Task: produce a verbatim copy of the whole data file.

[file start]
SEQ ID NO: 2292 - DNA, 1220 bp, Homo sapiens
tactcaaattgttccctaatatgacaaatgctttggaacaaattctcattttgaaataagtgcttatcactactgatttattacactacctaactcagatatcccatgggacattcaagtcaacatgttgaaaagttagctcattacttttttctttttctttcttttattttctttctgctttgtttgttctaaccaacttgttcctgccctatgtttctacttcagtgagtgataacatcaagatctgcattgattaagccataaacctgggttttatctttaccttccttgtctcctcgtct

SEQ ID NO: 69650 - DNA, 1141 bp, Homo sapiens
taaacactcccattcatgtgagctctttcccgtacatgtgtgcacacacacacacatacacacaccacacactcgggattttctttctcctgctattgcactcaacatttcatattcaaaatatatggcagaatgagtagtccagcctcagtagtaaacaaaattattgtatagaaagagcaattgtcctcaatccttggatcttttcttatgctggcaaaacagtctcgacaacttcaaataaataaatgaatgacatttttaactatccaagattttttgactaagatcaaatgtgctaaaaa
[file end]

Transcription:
SEQ ID NO: 2292 - DNA, 1220 bp, Homo sapiens
tactcaaattgttccctaatatgacaaatgctttggaacaaattctcattttgaaataagtgcttatcactactgatttattacactacctaactcagatatcccatgggacattcaagtcaacatgttgaaaagttagctcattacttttttctttttctttcttttattttctttctgctttgtttgttctaaccaacttgttcctgccctatgtttctacttcagtgagtgataacatcaagatctgcattgattaagccataaacctgggttttatctttaccttccttgtctcctcgtct

SEQ ID NO: 69650 - DNA, 1141 bp, Homo sapiens
taaacactcccattcatgtgagctctttcccgtacatgtgtgcacacacacacacatacacacaccacacactcgggattttctttctcctgctattgcactcaacatttcatattcaaaatatatggcagaatgagtagtccagcctcagtagtaaacaaaattattgtatagaaagagcaattgtcctcaatccttggatcttttcttatgctggcaaaacagtctcgacaacttcaaataaataaatgaatgacatttttaactatccaagattttttgactaagatcaaatgtgctaaaaa